In order to respond to failure, sometimes you have to be willing to feel failure. Several years ago, when I was hitting practice shots on the golf range, my instructor said to me, “Neal, I want you to hit a poor shot. I want you to top the ball so that it skims along on the ground.” I looked at him incredulously and asked him why in the world he wanted me to hit a bad shot. He replied, “Because you need to know what it feels like.” He suggested that it is good to know what a bad shot feels like – so when it actually happens on the course you understand the cause and know how to correct the problem. In other words, you are prepared to respond to the failure. What does it feel like to slice a ball to the right? What does it feel like to pull a duck hook to the left? And more importantly, what caused the shot to move in that manner – and how are you going to respond to it?
In my prior essay, Dare To Fail … Terrifically, I used the swaying rope bridge in Indiana Jones as a metaphor for overcoming the feeling of unease that inevitably comes when you try something new. When I look back at my life, I wonder how it would have turned out if I had avoided all of my wobbly bridges. For example, when I was twenty one, I was a junior in college. Even though I had never seen a computer in my life, I decided to take a computer programming course as an elective. Unfortunately, I entered a course with Computer Science majors, using a scientific language (FORTRAN), programming scientific applications. I happened to be an Accounting major at the time, in the business division of the school.
Believe me when I tell you that during this class, I was swinging and swaying on that metaphoric rope bridge. I vividly recall my feelings when I labored away in the computer lab as my peers came and went; completing their projects in a fraction of the time it took me. As I sat there late in the evening, sometimes alone, I felt utterly stupid, thinking “What am I doing here?” Long story short, I failed the course terrifically.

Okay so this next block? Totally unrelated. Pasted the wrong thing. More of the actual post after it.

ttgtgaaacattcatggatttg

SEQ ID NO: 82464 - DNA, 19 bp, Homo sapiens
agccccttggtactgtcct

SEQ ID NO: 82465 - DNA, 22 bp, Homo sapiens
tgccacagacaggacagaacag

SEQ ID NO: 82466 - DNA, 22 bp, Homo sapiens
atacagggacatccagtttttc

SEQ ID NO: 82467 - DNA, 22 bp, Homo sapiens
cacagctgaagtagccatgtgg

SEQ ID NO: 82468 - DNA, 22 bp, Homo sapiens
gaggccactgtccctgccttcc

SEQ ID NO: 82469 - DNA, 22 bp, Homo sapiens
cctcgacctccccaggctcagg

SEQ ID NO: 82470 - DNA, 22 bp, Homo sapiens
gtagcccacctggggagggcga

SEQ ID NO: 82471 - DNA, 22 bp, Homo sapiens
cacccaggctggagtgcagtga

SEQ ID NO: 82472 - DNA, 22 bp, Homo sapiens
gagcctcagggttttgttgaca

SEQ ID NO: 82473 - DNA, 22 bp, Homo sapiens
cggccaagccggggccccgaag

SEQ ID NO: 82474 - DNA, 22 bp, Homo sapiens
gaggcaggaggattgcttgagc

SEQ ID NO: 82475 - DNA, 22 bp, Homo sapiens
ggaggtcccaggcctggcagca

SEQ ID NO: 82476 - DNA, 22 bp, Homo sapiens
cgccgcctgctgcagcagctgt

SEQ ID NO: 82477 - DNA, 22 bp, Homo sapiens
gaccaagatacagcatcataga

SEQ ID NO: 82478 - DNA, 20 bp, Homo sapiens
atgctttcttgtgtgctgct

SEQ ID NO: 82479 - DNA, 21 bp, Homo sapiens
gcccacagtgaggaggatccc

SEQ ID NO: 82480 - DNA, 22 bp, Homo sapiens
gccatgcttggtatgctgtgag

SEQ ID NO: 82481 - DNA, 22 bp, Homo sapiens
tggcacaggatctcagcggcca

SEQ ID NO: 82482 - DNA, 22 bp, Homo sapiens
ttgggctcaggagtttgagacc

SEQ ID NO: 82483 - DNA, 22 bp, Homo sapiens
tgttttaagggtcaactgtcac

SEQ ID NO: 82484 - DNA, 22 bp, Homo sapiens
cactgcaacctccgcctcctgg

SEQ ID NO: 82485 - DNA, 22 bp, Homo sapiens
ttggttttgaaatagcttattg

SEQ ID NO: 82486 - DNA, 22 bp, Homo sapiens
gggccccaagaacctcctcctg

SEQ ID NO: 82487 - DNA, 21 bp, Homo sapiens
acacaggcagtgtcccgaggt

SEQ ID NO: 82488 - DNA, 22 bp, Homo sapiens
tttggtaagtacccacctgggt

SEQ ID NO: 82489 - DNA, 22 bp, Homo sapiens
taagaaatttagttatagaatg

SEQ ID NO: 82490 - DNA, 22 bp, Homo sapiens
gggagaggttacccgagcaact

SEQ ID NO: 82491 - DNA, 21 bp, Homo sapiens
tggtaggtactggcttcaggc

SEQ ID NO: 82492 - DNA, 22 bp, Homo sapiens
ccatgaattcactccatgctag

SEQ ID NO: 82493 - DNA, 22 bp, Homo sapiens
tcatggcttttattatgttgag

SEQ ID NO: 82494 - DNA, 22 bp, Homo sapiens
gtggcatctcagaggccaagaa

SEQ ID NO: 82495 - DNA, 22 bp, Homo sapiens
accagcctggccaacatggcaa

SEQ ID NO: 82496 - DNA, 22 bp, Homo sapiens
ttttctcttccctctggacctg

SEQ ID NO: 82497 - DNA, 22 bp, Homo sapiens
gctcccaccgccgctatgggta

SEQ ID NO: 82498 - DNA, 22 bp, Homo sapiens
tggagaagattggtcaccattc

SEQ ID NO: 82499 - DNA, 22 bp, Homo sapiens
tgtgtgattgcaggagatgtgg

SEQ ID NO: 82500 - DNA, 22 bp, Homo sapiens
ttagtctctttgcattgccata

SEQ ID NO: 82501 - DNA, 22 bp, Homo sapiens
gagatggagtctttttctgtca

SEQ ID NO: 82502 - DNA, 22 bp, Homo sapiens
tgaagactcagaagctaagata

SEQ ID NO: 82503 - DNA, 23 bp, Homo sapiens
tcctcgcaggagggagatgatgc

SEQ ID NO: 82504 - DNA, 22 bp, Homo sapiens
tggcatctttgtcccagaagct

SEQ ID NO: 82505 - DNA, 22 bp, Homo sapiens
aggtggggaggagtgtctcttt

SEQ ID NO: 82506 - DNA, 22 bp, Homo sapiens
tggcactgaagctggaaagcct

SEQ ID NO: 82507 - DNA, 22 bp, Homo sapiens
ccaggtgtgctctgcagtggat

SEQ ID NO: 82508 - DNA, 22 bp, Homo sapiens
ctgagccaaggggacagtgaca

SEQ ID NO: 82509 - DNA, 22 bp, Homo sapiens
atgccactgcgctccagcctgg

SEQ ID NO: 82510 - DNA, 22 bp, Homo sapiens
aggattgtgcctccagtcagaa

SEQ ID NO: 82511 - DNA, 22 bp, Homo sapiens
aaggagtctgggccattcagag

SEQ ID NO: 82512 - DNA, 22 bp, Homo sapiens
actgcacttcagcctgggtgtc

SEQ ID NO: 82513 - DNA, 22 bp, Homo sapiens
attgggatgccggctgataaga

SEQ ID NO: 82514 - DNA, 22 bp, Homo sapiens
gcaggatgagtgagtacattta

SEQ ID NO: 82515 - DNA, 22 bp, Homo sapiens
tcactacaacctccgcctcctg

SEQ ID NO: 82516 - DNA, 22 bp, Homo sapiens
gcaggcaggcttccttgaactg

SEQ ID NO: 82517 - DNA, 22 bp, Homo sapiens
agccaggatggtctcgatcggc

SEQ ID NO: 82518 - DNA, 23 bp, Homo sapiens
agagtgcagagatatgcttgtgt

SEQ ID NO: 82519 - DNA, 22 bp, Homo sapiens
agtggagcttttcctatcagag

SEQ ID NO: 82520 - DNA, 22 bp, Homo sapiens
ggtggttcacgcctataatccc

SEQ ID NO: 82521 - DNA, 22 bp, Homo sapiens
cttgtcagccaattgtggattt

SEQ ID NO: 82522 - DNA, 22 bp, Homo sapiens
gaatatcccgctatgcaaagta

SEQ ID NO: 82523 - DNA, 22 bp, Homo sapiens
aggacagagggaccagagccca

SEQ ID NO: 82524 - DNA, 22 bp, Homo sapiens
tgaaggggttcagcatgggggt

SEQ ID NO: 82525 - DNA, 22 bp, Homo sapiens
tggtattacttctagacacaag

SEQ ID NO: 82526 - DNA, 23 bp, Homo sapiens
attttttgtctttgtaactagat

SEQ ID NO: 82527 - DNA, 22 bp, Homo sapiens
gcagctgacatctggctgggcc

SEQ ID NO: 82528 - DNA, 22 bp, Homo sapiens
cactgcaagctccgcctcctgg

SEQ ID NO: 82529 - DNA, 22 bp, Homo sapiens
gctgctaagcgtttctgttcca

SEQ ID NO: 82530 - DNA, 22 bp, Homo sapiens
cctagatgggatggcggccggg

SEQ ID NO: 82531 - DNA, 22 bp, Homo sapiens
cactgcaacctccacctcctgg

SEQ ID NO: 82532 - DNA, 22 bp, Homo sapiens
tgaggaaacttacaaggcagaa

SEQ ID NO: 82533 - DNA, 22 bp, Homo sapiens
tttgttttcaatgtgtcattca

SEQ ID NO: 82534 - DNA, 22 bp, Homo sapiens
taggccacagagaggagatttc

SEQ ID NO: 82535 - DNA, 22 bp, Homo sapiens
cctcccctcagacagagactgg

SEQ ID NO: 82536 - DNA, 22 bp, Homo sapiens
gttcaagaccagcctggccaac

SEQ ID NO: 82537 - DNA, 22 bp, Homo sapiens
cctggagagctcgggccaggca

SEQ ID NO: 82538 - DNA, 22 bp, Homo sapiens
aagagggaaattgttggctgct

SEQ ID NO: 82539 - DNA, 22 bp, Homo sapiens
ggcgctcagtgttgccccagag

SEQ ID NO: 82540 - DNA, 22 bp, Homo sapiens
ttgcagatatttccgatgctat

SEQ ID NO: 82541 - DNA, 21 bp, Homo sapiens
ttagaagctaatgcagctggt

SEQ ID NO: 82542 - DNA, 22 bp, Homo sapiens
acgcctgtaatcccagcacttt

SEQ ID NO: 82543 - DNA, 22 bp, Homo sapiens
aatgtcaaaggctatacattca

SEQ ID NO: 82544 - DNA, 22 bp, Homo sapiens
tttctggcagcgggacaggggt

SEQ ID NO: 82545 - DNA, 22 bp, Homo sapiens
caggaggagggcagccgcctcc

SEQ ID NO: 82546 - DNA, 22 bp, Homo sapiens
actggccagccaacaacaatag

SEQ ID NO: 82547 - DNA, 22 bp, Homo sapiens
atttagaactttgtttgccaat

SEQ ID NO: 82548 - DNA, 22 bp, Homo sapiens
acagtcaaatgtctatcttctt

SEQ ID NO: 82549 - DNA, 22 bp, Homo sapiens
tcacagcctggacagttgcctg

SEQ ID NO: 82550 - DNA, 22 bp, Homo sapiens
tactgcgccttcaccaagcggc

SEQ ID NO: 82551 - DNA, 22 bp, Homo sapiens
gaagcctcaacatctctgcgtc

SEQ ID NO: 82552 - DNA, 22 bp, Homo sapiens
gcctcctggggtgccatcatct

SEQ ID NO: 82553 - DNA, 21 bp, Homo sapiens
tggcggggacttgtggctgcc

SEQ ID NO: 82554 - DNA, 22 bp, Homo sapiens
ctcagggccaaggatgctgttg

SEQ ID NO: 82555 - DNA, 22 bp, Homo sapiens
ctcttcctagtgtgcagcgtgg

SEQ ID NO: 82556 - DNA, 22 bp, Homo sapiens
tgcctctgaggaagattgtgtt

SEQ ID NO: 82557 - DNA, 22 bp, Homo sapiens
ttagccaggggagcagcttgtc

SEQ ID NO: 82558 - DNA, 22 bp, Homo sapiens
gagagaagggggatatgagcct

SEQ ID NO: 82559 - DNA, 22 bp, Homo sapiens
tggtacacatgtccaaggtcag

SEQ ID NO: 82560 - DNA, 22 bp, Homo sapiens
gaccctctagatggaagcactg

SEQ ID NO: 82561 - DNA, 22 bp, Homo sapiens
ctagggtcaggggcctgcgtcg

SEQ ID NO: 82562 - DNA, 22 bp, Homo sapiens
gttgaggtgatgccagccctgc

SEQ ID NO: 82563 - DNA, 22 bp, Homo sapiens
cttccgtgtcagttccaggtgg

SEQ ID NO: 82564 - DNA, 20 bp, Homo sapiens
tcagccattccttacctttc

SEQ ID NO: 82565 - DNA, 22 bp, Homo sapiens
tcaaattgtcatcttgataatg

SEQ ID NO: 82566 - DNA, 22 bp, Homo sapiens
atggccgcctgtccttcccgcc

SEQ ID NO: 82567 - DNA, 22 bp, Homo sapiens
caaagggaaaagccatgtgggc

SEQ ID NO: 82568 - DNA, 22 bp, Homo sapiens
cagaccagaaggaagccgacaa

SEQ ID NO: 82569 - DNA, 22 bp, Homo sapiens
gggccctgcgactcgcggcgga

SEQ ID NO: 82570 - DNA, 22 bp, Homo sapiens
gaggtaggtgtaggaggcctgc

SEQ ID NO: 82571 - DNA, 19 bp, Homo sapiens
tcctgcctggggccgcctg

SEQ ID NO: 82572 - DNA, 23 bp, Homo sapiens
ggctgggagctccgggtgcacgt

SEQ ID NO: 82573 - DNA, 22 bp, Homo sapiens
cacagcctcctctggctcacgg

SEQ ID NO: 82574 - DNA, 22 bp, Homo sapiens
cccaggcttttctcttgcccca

Definition of Failure: The condition or fact of not achieving the desired end or ends; e.g. the failure of an experiment. The condition or fact of being insufficient or falling short.
Did you ever hear this one, “Failure is not an option?” To this I say, not only is it an option, in measured quantities it might be the best possible medicine you can ingest.
A failure proves that you are willing to take risks – to learn, feel, change, grow, love, live – and ultimately to be free. And, although things might not work out this time, you put yourself in a position to succeed … eventually. That is how a failure should be viewed – as putting yourself in a position to have success down the road. I don’t understand why some people lose sight of this critical key to learning … and growing. Our own personal history demonstrates it vividly.
“If we listened to our intellect, we’d never have a love affair. We’d never have a friendship. We’d never go into business, because we’d be too cynical. Well, that’s nonsense. You’ve got to jump off cliffs all the time and build your wings on the way down.”
– Ray Bradbury
A few years ago I attended a Public Speaking Workshop titled “How to Pick Speech Topics.” The presenter inspired me with one of his suggestions. He told me to imagine I had only a few days left to live – time to prepare for ONE more speech. Then he asked, “What subject do you feel so strongly about that you would invest the final moments of your life to deliver?”
That suggestion became the genesis for the material in Daring Ways. If I found out tomorrow that I had a terminal illness, what would I want to share with people before I passed? What messages could inspire and empower others to make their mark upon the world? My answers to these questions will be the content of this website.